Now, the reasons to be wary. Blomkamp has worked in the loose sector of “aliens” previously. The Alien movies are a different beast than that. These are not aliens as a metaphor for humanity. These are aliens as a metaphor for everything that is not human. And in writing off the movies post-Aliens in terms of the universe in which he’ll locate his film, Blomkamp is dismissing a chunk of material that includes Alien³ and Prometheus: far from the most popular movies in the franchise, but also a significant part of the canon. That likely means he’s looking to fill that void with his own stuff, to which I’d say: Chappie.
If Blomkamp tries to wrestle a story that isn’t his own into another half-formed exercise in human progress, he risks becoming the next Zack Snyder — a director whose visual skill has become so secondary to his ham-fistedness that it must ultimately be discarded. Unlike Snyder, Blomkamp has shown he can tell a cogent story and write a human character. That being said, with the Alien franchise, Blomkamp is walking into a very particular building that already exists. If he works within that space, it could be his return to form, a chance to apply his true and unique skills to a subject that deserves them. If he takes a wrecking ball and knocks it down, the chances are not high that what he puts up in its place will be an improvement.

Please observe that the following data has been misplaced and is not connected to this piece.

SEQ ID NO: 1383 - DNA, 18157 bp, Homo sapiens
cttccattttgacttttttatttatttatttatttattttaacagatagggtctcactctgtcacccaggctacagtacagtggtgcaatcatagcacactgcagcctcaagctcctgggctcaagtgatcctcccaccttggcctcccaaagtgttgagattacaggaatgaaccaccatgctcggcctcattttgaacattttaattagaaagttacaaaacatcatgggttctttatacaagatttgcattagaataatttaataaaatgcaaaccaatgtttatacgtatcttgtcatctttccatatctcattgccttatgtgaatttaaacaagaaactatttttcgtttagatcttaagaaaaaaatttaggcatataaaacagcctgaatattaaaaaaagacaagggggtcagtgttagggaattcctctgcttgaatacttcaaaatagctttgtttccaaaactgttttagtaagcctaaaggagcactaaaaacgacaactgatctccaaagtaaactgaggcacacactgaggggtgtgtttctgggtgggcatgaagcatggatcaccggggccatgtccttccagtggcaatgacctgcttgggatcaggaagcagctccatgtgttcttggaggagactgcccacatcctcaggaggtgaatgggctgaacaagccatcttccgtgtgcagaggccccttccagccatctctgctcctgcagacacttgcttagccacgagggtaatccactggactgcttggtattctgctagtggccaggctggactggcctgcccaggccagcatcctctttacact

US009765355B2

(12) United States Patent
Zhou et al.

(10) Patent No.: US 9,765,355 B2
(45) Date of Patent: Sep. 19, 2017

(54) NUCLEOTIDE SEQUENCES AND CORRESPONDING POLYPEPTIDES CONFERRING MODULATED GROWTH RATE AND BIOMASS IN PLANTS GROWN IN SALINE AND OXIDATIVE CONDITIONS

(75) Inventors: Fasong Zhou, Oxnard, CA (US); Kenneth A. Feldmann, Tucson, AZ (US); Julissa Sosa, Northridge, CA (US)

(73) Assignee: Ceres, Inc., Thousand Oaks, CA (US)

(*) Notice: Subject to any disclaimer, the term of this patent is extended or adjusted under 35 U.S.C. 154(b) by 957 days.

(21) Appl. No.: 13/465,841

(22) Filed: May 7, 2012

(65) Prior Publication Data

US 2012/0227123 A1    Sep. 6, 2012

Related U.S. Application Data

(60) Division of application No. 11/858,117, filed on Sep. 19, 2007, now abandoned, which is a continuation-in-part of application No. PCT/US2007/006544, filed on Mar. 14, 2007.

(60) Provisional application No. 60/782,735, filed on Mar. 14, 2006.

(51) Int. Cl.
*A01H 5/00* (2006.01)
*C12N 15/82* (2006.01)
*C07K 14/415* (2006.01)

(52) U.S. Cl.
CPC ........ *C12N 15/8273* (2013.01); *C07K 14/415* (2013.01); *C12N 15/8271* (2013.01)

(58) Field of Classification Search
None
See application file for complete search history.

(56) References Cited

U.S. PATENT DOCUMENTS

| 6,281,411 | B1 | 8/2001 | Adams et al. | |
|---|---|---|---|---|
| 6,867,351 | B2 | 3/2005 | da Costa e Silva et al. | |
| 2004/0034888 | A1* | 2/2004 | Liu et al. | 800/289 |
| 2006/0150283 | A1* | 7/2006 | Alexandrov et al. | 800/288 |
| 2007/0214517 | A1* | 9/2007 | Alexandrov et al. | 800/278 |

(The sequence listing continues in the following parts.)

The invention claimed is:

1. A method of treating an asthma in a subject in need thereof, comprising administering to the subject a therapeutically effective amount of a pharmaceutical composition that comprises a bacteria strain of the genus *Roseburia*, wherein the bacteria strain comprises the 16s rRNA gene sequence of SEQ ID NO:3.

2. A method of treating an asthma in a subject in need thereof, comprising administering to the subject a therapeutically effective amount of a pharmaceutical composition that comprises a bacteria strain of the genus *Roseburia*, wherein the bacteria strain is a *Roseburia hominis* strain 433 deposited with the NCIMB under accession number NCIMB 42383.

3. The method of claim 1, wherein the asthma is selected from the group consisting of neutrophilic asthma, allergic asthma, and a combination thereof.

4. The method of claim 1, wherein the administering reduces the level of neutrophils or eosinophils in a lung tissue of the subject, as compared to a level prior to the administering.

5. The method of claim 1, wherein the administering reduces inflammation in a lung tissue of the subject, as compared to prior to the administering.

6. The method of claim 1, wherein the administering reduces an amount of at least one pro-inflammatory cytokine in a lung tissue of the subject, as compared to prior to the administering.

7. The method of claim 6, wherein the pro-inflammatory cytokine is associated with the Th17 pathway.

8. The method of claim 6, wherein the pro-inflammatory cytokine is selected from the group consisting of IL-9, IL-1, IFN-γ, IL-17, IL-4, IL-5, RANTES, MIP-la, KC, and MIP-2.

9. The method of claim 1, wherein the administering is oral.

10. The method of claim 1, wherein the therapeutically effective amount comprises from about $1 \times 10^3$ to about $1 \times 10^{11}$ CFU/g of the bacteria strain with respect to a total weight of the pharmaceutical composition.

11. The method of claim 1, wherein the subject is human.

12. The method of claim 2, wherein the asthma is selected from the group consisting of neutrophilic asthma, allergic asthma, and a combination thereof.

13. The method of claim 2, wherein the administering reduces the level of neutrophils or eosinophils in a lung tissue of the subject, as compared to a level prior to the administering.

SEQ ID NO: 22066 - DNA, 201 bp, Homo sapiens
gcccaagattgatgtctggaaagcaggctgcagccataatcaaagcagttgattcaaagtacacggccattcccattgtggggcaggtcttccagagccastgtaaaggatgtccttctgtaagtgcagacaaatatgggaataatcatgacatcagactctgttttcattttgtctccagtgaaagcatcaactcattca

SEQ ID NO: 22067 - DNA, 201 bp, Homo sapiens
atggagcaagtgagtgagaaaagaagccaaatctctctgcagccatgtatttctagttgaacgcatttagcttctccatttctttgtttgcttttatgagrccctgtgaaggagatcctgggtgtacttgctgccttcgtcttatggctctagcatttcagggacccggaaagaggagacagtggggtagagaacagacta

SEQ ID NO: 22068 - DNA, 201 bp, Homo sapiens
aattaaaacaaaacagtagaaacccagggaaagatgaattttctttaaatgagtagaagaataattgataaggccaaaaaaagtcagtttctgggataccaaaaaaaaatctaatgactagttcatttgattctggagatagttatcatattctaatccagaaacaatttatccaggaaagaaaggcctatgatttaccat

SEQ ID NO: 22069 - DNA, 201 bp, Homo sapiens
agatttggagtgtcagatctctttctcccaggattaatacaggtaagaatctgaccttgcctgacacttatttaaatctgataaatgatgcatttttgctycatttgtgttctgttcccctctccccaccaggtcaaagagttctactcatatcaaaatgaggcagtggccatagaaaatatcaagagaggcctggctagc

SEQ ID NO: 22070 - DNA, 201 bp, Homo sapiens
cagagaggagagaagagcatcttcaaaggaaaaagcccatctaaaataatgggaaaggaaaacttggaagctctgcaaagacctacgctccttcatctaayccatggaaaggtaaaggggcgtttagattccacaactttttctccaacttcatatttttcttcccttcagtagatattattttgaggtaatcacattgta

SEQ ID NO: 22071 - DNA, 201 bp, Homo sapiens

Kevin Lincoln (@KTLincoln) is a freelance writer living in Los Angeles.